FX T is typically considered illegitimate-- that is, if your case is only topical by considering its effects, then it shouldn't be topical. Voice of Reason appears to be using a similar argument-- that is, we should decide what is topical based on its effects. This is bad because then the neg would have to research reforms of the federal court system AND anything that might affect the federal court system.
To clarify, I wasn't saying that we determine Topicality based upon the impacts/effects of the case, I was simply saying that (in the role of a judge) I wouldn't be tempted to vote for a case if the advantages were not something I valued (yes, saving money has value if you can impact it, but generally debaters don't do a good job of that). Much of this is a personal quirk that I would have as a judge as opposed to a set-in-stone rule or method. Neg teams would also have to run good arguments along with this (which would be a greater endeavor than simply running FX T), so the burden would still be on Neg, but I think it's a doable strategy.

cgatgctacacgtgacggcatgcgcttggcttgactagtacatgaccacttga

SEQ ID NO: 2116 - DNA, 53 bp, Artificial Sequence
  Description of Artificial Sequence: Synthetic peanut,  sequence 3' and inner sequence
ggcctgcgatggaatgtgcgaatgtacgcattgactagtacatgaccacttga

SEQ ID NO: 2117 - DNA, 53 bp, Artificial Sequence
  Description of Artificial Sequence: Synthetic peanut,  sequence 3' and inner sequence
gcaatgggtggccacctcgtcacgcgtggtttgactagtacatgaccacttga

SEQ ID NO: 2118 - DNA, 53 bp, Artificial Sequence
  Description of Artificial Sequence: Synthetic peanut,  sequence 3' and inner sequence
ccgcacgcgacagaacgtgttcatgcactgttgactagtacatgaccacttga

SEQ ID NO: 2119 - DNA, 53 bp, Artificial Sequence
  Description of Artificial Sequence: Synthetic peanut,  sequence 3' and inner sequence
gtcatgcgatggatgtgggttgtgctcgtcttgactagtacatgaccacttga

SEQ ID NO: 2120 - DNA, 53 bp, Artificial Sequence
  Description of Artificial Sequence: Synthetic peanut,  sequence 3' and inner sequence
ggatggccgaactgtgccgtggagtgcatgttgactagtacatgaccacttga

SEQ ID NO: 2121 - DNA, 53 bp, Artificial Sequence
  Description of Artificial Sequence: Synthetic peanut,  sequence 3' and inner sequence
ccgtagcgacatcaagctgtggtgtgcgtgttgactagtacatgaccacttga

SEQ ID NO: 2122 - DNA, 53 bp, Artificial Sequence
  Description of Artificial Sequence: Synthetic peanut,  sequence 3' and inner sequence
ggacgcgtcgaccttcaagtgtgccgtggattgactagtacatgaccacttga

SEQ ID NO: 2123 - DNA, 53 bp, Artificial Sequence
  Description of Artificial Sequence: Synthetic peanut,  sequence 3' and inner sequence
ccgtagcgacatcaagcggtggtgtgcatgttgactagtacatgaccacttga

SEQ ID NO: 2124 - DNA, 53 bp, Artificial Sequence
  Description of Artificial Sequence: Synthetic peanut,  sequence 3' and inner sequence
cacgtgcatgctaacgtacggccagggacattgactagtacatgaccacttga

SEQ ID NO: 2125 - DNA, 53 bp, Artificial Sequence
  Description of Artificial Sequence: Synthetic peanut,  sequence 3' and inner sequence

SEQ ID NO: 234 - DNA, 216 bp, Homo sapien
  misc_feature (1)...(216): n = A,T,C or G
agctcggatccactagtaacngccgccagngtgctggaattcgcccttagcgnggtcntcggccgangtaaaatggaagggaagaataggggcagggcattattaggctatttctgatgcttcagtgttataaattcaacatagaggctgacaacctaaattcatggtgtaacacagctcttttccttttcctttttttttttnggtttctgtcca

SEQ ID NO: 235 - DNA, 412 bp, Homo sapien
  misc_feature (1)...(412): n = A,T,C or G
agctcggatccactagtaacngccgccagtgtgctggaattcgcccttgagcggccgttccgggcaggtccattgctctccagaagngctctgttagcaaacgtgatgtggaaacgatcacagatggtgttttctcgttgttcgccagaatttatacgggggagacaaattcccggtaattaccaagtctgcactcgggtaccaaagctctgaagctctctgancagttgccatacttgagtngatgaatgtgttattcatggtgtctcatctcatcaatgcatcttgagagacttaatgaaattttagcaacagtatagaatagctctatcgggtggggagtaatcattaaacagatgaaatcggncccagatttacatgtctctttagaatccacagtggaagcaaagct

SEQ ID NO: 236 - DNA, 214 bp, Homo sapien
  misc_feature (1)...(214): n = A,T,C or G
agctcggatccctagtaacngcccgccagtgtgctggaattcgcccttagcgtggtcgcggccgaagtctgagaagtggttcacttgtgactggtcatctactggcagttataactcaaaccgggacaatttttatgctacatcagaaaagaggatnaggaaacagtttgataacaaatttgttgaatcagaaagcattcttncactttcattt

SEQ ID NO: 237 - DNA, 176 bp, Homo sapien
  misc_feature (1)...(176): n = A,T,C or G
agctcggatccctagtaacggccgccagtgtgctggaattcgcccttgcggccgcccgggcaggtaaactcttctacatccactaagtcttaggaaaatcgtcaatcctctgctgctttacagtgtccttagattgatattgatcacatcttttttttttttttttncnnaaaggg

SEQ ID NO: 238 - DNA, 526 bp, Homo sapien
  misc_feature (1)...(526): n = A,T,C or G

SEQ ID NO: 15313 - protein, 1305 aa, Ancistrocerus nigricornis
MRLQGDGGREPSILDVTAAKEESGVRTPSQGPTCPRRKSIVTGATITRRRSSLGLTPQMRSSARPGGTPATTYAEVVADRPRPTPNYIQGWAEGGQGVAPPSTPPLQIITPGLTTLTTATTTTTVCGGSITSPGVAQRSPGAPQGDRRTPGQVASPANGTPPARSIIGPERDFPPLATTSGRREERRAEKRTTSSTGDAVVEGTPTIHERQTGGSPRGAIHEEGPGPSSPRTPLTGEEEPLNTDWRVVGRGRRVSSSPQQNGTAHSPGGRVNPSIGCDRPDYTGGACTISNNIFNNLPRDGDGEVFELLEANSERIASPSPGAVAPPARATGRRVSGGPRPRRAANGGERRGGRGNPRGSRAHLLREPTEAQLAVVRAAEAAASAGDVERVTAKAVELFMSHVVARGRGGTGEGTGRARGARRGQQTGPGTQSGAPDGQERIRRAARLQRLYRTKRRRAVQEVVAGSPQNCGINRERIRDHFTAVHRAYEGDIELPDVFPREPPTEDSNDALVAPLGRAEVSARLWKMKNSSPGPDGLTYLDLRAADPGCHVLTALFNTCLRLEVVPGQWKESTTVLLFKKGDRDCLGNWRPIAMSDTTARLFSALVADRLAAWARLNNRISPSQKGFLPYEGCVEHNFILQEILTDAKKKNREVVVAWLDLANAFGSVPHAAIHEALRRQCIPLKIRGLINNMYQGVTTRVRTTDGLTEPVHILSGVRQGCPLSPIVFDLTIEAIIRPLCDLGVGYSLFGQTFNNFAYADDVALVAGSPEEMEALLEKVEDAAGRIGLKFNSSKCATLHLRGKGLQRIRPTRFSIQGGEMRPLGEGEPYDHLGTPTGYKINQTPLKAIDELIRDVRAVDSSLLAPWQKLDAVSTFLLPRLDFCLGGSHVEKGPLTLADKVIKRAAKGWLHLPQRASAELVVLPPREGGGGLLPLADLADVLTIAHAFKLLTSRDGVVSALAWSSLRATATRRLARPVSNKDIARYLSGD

If the Affirmative team agrees that it can't provide a significant net benefit, then I think it is tacitly agreeing that there isn't a pressing need or desire for change. I also think that debate rounds are for the purpose of fixing real-world actual problems or resolving pressing needs, and I think that spending time on pointless, meritless, or insignificant cases squanders some of the educational value of debate.
I agree that FX T is an illegitimate strategy.